Not long after I wrote the last entry, we had a rather spectacular thunderstorm. I sat in the kitchen with friends, drinking a lovely cup of tea, having a nice chat and watching the monsoon through the patio doors. It was a serious downpour, and the patio was soon under a skim of water. Oooh, I thought, that's impressive. The bathroom fitter wandered in and told me that the garage was a bit flooded. This isn't unusual, as we often get some water under the garage door. I blithely shrugged it off.
This was a mistake, it turns out. The garage was under several inches of water, which explains why the bathroom fitter looked at me like I was crackers when I smiled and nodded instead of rushing outside with a bucket. When my friends left, a good twenty minutes later, I thought perhaps I ought to check on the peeps.
I found them literally splashing about in their brooder. The woodshavings had expanded, making a deep, waterlogged mire. The peeps were bravely battling the elements, being tossed about by the tide in my garage. With a shriek I grabbed them up. They all looked at me in an interested sort of way, and then attempted to take off back to their watery assault course. The cat carrier was near to hand, so I threw in some dry wood sahvings and deposited the protesting peeps. Once they were safely placed on the kitchen table, next to the radiator, they instantly fell asleep. Far too much excitement for one afternoon.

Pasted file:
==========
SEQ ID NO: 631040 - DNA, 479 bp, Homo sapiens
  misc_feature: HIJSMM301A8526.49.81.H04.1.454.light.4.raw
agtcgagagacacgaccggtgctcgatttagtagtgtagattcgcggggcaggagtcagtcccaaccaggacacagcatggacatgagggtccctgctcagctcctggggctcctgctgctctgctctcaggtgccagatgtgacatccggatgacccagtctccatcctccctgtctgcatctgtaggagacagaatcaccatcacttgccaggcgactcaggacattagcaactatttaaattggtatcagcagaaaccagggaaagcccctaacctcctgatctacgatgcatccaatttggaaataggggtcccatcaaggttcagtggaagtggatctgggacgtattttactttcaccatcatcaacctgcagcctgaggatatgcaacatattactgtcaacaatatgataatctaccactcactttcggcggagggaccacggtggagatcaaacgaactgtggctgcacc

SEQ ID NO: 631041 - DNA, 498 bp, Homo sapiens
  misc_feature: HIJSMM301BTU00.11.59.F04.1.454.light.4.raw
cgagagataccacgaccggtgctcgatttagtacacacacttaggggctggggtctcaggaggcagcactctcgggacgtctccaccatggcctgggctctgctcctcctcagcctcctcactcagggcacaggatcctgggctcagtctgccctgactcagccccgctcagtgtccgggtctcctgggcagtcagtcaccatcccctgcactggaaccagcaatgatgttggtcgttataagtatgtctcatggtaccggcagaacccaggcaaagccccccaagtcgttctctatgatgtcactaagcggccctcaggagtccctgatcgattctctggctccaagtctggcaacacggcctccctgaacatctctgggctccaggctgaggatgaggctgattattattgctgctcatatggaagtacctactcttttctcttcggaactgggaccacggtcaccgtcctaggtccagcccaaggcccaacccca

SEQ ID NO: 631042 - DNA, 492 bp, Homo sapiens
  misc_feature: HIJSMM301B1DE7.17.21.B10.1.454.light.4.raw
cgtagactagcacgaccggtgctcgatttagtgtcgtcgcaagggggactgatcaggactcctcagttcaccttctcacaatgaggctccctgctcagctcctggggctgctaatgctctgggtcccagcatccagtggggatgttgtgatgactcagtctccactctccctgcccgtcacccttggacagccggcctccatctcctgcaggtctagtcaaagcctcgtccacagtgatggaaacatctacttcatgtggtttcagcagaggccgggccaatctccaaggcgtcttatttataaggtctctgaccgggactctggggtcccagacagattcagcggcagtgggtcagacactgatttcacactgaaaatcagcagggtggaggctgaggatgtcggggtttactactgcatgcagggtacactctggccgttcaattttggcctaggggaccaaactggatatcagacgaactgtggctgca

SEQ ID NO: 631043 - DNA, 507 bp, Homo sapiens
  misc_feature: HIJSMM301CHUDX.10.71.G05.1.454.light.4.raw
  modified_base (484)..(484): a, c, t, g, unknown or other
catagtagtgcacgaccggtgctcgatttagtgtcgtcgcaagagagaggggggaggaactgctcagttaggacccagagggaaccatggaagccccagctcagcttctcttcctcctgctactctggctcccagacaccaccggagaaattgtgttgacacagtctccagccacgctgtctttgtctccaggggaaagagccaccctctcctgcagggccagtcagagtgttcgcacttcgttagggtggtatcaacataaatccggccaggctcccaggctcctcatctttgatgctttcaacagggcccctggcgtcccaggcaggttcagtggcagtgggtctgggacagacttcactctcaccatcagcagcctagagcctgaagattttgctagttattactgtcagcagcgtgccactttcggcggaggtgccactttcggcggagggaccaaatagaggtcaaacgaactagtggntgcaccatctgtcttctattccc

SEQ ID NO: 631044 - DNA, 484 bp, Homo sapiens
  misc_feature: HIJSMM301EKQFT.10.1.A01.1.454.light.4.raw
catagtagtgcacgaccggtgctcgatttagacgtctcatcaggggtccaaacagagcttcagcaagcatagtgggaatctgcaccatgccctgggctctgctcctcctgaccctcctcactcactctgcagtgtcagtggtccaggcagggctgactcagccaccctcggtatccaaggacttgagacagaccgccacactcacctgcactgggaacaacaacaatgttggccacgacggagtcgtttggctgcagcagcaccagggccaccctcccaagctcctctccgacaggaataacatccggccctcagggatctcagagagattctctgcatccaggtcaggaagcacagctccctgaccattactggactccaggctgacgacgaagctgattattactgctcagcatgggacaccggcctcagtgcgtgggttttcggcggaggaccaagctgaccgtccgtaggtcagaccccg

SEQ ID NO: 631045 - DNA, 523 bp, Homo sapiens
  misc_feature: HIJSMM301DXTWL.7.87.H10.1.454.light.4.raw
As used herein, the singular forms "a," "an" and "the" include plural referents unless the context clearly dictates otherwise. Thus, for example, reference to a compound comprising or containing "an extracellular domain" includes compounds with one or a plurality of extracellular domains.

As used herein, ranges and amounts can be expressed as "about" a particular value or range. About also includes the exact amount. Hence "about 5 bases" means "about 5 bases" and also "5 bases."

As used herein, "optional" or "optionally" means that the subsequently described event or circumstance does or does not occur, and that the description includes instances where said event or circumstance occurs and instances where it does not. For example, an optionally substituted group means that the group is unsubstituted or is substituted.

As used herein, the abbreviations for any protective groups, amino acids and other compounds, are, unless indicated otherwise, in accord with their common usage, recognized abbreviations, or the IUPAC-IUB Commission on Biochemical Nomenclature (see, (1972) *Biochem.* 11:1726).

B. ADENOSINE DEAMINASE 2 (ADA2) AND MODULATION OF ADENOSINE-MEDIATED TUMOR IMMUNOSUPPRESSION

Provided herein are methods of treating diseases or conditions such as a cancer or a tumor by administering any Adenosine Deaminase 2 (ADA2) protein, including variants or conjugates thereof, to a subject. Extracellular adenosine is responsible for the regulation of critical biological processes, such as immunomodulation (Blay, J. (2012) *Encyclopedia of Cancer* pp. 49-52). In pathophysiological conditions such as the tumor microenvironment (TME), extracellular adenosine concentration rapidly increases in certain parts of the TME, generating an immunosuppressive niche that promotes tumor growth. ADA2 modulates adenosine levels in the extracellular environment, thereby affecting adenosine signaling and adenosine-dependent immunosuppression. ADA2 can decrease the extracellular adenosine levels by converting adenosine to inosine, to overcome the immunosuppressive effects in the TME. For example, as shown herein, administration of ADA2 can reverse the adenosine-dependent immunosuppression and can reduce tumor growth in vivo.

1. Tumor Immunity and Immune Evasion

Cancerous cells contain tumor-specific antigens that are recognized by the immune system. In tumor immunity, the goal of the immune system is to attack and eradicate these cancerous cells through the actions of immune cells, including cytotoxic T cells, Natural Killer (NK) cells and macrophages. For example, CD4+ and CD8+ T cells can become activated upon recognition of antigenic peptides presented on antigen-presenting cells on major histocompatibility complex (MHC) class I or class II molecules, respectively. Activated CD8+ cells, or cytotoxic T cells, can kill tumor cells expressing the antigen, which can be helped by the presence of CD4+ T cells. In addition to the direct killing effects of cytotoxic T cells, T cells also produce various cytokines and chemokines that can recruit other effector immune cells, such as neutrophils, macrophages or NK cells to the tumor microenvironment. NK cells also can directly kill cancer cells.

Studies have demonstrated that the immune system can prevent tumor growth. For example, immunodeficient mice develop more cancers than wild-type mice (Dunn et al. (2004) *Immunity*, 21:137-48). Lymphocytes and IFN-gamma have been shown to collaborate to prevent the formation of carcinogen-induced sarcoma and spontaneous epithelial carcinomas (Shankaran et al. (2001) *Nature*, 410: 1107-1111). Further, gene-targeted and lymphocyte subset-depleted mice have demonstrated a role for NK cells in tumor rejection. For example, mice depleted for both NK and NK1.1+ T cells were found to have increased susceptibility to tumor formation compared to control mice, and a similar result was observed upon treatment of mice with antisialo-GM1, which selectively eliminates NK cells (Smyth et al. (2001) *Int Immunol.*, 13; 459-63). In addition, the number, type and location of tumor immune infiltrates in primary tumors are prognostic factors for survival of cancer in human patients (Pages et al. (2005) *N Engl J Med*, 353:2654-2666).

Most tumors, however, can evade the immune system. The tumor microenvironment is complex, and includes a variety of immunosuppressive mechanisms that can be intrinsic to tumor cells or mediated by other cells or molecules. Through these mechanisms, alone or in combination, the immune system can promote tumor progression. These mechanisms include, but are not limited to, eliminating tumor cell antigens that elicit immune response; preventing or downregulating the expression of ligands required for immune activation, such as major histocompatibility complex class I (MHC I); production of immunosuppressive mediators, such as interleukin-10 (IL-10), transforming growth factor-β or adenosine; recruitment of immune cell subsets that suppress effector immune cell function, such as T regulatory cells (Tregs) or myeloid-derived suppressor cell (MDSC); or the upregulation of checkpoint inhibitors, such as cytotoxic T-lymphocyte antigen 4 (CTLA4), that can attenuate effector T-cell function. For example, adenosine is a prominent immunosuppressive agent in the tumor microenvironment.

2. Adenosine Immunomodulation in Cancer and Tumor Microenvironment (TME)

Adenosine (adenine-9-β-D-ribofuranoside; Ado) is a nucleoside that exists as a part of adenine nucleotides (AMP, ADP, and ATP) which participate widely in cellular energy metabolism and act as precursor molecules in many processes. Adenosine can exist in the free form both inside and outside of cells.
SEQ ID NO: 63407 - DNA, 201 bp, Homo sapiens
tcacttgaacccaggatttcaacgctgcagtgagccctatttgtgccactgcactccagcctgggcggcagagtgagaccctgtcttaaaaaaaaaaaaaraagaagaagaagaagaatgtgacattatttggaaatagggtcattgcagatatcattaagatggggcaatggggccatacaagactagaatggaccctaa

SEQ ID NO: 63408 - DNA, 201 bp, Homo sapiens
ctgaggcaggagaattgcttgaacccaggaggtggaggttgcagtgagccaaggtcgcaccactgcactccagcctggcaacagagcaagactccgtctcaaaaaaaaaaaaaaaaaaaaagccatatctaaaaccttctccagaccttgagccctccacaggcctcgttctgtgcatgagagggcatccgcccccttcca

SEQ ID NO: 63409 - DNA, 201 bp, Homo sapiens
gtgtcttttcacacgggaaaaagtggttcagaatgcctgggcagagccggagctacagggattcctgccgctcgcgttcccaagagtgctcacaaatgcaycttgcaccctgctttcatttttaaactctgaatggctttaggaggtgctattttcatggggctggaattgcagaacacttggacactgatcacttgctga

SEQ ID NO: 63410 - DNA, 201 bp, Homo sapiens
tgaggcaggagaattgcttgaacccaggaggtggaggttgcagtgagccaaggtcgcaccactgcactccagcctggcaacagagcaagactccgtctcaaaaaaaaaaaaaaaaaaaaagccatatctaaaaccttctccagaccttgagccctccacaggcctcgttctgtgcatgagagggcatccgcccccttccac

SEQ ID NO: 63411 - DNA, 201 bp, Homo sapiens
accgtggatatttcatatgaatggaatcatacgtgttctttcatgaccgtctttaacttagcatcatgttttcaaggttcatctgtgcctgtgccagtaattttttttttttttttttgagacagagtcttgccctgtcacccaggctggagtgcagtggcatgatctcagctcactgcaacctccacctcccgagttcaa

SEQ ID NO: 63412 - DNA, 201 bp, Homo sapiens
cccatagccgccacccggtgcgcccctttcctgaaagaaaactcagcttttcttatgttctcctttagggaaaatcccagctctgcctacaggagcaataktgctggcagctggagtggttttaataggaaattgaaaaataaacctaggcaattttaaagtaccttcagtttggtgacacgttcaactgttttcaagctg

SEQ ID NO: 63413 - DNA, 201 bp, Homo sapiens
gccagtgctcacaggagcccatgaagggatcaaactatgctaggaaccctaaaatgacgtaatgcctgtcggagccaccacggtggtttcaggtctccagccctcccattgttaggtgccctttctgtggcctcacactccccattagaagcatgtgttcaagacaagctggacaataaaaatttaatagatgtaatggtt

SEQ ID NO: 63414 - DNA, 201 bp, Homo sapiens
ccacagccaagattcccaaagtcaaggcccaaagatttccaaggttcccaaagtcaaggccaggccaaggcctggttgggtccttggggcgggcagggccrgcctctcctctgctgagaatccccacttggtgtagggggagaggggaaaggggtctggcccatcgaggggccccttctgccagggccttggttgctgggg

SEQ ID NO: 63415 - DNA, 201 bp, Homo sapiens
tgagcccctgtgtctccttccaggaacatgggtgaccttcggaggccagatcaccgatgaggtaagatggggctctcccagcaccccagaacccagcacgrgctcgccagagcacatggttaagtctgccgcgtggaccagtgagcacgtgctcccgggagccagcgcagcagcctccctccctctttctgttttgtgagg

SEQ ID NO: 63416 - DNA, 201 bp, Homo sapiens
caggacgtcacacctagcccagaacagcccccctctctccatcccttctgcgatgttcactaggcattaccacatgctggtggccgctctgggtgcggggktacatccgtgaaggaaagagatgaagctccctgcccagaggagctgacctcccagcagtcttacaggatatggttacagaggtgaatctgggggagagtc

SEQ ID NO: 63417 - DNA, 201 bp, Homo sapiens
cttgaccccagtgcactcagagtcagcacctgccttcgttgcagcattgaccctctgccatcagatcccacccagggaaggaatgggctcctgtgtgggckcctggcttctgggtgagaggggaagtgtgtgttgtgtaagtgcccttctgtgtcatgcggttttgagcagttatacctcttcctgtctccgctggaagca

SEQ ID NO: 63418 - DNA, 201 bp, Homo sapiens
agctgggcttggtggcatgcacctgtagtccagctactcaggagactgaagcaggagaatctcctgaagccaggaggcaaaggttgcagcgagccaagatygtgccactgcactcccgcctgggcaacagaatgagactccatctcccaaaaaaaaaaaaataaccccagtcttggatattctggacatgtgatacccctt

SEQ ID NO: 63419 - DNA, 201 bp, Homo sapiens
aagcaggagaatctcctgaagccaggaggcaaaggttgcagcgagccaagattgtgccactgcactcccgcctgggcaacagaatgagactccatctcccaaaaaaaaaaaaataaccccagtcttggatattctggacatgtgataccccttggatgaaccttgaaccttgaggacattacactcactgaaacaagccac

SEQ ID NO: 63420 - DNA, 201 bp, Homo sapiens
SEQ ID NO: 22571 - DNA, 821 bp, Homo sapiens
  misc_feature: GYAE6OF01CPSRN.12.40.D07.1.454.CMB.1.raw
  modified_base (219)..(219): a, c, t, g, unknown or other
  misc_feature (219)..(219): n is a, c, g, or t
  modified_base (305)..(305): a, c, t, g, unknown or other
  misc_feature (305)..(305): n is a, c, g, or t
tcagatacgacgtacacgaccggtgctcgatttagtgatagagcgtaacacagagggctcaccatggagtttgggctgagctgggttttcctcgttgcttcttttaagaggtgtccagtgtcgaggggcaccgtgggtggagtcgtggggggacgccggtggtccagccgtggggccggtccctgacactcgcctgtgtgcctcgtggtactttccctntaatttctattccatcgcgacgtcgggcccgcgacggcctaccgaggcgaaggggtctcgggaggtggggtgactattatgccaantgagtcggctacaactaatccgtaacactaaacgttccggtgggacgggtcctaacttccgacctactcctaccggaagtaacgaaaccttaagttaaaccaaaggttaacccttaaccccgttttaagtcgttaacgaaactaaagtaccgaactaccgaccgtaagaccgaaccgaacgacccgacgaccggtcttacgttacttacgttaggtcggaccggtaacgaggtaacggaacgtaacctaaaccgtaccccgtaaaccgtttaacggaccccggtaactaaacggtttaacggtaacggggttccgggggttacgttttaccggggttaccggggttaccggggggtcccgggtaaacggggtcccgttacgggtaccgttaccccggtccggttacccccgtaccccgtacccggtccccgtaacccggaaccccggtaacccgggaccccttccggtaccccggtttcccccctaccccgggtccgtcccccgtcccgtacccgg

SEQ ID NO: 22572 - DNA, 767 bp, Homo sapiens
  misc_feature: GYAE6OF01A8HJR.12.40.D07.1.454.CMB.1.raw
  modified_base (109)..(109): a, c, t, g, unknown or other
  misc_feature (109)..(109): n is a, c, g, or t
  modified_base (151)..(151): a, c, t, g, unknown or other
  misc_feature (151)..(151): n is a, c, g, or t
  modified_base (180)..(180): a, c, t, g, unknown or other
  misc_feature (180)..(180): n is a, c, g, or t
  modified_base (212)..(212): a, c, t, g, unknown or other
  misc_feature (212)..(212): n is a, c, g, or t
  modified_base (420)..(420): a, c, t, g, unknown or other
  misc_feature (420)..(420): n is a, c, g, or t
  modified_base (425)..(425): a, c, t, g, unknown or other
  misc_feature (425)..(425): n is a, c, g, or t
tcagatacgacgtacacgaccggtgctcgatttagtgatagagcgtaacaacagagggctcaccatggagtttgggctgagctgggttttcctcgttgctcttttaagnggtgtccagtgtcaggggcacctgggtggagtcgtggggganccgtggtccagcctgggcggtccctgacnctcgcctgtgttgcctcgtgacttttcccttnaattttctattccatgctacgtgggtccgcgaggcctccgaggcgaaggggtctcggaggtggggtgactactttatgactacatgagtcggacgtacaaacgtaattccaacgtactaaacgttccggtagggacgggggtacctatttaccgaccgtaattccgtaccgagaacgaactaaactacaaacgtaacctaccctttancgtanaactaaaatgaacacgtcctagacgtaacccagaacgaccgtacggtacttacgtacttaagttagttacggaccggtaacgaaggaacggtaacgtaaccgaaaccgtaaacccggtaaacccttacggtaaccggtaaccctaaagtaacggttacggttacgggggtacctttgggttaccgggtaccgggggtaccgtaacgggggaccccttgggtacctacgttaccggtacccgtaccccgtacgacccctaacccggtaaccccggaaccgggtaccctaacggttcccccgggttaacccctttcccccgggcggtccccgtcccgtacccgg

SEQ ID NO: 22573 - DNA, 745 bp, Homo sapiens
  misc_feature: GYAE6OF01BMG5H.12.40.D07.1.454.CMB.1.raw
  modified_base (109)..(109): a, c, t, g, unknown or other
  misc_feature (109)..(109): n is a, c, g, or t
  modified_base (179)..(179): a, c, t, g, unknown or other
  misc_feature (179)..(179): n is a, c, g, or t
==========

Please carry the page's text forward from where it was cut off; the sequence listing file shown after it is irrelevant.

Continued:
The ever tolerant husband sprinted home from work, and we set about sweeping our new indoor pool out in to the drain. Several telephone directories were employed in helping to mop up the residue, and I put the heat lamp on full to dry out the brooder area. After two hours of very wet work, I could return the peeps to their mostly dry abode. They seem unharmed by their paddle, thankfully, but have since learned to fly. Probably wise.
Doris has a slightly swollen eyelid, and I am watching her with mild concern. After everything that happened with poor Mini, I am reluctant to even consider that this might be the same kind of infection. My past experiences have led me to immediately consider the worst. However, the other girls all seem healthy, and Doris is no longer coughing, so it's a case of fingers crossed.
I did find a broken egg in the nest box this morning. The shell appeared to be just membrane, so I'm assuming that this is my first 'softy'. Eggs are sometimes laid without a hard shell, although this is more common in a hen just coming in to lay or a hen nearing the end of her laying life. I'm not sure of the culprit, and all seem well enough. I'm thinking it could be Purdy, who is over her broody spell, or Mabel, who has been strange with her alying habits for a while.
We shall see.